The second is how we put into action our perception of what marriage is – what we actually DO to love our partner. Of course these two things interact. If a married couple put into action their love for one another then it will gradually affect their perception of what married love is. Put simply that means a bit of very old teaching, that if a couple get through a difficult time together – not least the first baby – then their marriage grows stronger.

What I want to do now however is share with you how the Marriage Preparation Team try to help couples preparing for Marriage to have a deeper understanding of what they are doing and try to give them some practical suggestions of how to put into action the love they have for one another

It is actually quite hard for couples preparing for marriage to realise that their married love must be an act of will and not just a nice feeling. They are, almost certainly, “deeply in love” and that wonderful feeling can easily swamp the more sober assessment of what kind of love they must offer their partner in the future. Indeed, you could argue that couples who have “arranged” marriages – not forced marriages which are quite wrong – but “arranged” , where the man and woman are happy getting married in this way – are more likely to see the need for sacrificial love in their relationship.

The Oxford Marriage Preparation Days therefore spend quite a lot of time on the practical side of the marriage relationship. We start by getting couples to look at their family background – who (Mum or Dad) did the cooking, who did the gardening, who managed the money, who planned the holidays. Then we get them on their own to write down who they want to do these things in their marriage. When the couples share their responses privately with one another, they can sometimes be quite surprised  – although less so nowadays as so many of these couple are already living together.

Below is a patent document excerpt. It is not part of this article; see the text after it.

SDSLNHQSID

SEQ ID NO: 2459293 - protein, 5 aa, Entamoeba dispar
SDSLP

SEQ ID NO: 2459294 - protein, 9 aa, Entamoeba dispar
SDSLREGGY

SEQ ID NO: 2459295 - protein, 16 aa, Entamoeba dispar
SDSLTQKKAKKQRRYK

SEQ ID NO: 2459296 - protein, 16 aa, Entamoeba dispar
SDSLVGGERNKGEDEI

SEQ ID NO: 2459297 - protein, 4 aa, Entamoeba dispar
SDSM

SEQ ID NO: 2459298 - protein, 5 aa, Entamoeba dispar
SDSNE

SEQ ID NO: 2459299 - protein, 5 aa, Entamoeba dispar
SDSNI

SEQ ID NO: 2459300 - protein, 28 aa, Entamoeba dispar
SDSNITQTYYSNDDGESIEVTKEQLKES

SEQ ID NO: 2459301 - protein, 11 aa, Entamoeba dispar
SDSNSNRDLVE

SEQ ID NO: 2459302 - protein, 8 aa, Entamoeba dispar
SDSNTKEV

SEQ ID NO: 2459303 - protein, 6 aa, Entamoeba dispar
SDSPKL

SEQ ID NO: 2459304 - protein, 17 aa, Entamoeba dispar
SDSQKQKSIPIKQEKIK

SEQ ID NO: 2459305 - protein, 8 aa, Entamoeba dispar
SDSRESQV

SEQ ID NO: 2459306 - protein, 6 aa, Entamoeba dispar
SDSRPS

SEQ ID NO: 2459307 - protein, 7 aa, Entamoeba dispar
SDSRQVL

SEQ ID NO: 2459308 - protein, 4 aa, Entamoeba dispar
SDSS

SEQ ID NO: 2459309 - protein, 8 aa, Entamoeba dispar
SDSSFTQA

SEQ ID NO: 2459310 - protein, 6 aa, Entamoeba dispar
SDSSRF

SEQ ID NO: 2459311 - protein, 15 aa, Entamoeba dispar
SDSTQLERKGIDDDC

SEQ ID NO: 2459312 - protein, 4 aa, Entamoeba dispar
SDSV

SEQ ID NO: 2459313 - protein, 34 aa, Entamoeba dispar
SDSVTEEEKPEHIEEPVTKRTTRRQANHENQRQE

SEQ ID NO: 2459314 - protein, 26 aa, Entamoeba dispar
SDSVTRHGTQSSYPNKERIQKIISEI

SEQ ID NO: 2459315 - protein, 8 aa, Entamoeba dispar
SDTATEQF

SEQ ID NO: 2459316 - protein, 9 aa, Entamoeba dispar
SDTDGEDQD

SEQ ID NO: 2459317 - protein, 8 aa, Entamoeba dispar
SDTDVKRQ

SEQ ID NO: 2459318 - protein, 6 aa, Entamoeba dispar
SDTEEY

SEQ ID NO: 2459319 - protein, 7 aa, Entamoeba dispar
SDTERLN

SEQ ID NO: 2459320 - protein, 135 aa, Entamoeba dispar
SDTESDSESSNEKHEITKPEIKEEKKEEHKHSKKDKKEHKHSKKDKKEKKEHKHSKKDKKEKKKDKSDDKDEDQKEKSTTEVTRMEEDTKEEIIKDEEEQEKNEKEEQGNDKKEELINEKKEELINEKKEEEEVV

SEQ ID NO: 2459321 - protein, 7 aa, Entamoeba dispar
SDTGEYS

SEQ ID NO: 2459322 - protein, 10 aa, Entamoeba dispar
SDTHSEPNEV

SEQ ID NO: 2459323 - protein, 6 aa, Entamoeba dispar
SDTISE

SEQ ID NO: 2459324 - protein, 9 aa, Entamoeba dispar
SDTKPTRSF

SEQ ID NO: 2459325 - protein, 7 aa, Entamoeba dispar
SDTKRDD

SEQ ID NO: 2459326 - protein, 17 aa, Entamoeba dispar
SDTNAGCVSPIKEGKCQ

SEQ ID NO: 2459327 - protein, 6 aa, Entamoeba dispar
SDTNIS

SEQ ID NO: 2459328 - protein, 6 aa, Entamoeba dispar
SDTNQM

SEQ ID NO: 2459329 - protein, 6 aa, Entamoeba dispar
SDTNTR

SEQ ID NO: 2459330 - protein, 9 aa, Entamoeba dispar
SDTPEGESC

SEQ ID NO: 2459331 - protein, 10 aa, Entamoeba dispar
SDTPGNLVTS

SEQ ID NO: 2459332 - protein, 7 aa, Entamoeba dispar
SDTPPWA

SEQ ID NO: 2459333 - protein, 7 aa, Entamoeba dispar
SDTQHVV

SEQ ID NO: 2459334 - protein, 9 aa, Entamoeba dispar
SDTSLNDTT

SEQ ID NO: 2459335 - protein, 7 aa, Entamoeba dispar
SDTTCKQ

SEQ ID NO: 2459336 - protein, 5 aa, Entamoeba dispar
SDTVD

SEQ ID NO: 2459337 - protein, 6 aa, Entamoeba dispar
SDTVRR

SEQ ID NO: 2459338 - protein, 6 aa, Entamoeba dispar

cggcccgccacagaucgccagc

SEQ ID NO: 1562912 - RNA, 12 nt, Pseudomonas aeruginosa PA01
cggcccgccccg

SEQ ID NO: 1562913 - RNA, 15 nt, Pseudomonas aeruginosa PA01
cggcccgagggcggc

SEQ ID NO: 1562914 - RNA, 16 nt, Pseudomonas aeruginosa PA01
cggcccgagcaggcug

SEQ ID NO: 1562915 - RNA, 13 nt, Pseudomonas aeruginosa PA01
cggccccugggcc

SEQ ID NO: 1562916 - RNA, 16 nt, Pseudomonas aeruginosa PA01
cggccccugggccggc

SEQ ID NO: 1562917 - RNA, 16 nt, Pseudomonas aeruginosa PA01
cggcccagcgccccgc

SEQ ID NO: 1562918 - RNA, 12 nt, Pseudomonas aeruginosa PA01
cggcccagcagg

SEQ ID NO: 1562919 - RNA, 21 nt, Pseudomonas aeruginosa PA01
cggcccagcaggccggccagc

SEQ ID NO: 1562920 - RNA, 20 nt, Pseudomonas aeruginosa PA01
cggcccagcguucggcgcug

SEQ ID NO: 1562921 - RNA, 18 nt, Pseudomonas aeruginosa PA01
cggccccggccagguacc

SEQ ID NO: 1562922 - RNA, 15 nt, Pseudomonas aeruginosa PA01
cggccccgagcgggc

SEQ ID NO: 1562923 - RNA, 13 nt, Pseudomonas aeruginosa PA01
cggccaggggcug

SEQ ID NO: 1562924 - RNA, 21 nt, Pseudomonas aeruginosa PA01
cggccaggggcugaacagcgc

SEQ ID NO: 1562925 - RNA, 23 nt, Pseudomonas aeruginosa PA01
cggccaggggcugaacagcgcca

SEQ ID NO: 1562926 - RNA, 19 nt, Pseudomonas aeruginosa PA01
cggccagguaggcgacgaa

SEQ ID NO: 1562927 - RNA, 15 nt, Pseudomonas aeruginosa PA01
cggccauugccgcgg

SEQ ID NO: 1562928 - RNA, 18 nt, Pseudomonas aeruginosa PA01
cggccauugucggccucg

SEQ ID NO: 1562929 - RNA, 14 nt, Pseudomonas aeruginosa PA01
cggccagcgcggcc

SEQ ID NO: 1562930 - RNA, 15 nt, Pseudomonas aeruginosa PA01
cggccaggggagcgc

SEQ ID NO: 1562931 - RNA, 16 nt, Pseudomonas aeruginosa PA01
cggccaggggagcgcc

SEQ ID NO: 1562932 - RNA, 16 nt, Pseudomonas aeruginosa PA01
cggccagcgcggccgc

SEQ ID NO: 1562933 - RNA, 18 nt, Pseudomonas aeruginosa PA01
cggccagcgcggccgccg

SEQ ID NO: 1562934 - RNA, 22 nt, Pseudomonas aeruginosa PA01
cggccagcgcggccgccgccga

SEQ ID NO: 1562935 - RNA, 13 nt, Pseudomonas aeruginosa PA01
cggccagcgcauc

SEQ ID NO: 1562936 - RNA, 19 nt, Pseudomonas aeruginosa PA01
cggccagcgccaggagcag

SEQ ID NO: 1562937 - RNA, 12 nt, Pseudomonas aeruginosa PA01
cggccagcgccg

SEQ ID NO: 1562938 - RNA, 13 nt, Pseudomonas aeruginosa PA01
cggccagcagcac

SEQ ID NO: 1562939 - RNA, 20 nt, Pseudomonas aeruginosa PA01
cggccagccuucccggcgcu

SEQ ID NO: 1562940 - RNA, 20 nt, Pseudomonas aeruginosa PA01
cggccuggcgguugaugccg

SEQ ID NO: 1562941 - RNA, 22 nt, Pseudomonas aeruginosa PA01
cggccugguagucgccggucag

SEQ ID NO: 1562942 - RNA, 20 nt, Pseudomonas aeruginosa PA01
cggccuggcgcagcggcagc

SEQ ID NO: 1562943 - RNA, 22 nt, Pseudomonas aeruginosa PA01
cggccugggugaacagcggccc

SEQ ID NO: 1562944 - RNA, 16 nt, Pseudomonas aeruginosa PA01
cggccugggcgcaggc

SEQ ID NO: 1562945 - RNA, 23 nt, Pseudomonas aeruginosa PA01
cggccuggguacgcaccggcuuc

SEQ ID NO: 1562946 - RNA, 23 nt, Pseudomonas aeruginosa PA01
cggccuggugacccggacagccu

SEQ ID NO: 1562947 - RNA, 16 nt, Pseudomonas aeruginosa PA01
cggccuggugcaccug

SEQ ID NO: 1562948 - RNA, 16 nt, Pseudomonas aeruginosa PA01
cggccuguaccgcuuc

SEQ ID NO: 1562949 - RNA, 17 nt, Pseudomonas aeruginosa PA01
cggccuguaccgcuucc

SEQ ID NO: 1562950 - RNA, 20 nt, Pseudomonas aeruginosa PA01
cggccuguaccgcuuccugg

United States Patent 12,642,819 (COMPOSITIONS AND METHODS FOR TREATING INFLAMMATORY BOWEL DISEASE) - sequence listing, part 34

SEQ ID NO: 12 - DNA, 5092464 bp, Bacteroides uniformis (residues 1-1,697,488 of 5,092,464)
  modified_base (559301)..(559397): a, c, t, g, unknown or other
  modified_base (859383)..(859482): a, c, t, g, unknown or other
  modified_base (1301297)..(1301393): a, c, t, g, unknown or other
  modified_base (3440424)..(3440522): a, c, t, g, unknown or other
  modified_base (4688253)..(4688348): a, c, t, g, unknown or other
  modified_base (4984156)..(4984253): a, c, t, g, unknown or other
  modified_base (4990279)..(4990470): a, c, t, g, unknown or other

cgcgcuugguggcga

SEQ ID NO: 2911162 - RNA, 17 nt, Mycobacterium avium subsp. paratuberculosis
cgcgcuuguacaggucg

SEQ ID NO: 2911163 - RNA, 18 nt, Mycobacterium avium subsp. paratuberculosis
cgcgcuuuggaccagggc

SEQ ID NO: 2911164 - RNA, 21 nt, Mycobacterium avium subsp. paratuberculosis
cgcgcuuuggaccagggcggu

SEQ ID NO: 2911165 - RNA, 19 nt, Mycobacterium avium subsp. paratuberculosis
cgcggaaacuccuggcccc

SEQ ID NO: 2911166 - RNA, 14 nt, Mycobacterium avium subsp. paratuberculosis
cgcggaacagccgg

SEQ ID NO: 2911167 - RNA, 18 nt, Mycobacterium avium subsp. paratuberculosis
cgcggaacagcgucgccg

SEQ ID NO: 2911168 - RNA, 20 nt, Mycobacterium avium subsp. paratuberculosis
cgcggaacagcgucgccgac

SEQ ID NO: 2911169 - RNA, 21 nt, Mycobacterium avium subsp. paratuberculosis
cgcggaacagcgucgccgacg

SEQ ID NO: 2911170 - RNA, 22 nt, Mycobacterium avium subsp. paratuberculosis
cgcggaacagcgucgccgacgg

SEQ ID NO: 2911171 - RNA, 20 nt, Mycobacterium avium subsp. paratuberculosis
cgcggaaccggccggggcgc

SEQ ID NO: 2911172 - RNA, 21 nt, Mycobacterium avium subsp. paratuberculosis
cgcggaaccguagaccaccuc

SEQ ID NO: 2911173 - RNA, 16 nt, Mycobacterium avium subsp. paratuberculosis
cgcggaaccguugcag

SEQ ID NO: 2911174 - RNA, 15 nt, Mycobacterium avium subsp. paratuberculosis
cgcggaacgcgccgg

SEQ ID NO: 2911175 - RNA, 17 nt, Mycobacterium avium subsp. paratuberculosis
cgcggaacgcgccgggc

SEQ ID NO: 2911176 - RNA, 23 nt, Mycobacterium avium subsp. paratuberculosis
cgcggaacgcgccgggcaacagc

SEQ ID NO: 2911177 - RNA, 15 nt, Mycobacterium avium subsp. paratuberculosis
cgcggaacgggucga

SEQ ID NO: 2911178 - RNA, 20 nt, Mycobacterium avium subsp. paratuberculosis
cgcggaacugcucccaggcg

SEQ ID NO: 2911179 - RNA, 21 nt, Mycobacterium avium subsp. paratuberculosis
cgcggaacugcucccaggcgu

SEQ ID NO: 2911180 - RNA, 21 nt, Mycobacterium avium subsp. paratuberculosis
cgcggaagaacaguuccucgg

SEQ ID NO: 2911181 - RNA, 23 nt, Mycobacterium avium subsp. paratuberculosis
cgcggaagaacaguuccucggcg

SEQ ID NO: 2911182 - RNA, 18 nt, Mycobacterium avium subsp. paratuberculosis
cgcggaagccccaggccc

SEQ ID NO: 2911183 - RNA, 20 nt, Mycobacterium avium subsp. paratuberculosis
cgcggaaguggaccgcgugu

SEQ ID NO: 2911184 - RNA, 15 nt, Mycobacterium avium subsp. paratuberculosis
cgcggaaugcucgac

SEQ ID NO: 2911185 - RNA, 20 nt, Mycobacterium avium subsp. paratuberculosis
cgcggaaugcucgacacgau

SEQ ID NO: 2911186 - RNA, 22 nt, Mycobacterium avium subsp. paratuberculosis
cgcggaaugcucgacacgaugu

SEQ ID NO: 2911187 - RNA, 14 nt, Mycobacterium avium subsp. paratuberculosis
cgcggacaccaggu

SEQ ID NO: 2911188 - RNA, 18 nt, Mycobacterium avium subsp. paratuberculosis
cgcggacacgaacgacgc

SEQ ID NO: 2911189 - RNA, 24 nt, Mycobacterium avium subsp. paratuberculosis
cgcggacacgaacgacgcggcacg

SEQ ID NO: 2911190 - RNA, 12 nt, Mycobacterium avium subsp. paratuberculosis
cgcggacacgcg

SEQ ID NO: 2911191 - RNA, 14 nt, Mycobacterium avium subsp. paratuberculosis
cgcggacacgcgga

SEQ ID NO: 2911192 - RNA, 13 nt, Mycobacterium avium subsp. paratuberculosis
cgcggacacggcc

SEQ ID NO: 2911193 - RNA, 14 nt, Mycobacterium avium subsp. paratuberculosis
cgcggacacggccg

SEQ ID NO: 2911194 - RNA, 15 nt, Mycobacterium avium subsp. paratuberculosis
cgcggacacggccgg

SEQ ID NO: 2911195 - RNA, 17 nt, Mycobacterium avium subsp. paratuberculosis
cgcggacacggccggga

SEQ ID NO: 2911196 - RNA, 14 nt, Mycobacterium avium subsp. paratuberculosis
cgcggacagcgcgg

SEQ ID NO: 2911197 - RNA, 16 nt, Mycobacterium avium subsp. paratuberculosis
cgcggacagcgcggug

When my wife and I started helping on these Preparation Days we were startled to discover for the first time in 36 years of marriage – it’s coming up for 46 now – why we found planning holidays so difficult. What we didn’t know, but found out when we filled in these questionnaires, was that my wife’s father planned their holidays, and my mother planned ours. We were therefore unconsciously expecting the other to take the lead, and had done so for all those years. It is so much easier now we know this.

We also talk to the couples about how to handle what are sometimes called the “pinches” in marriage, meaning by that those little things about one’s partner that one doesn’t notice when one is deeply “in love” but become more and more irritating as one lives together for a long time. We show them a picture of a couple deeply in love holding two bags – one they are showing to each other holds all the things about you that make you look good. It is the view of yourself you like to present to the world. The other bag is hidden behind one’s back. This holds all the things about you that the world doesn’t see but are revealed once you are living with someone.

We also do some work identifying what these little things might be. Often they can be those classic things that distinguish men from women – a women’s way of shopping on one side – a man’s obsession with sport on the other. This can lead to much laughter as people share but it also helps people realise that all couples face these and other such frictions in their lives. I sometimes tell the story of a young man called Adam who was living with his girl friend and things were going wrong. I suggested that he wasn’t understanding that women are different from men and suggested he read the Book “Men are from Mars, Women are from Venus”. One of the things this book taught me was that when my wife raises a problem she is not asking me to provide a solution. Men tend to think – face a problem – provide a solution. Women tend to think – face a problem – talk about it. What a man therefore has to do when a woman raises a problem is not to panic and think she wants an answer when what she wants is for you to listen, to show that you care. Cutting her short with a solution not the way to go. So what did Adam do? He read the book and was very impressed with it, but the next time he and his girl friend had a conflict, instead of listening to her, he told me what he did. “Read this book” he said “And then you’ll understand”. She left him!

Of course it isn’t just the classic man/woman differences that people have to deal with in marriage, and these things come up too. He may be the one who like things tidy and she likes to strew things around. It isn’t always the man who drops his socks on the floor, although I believe that is more often the case.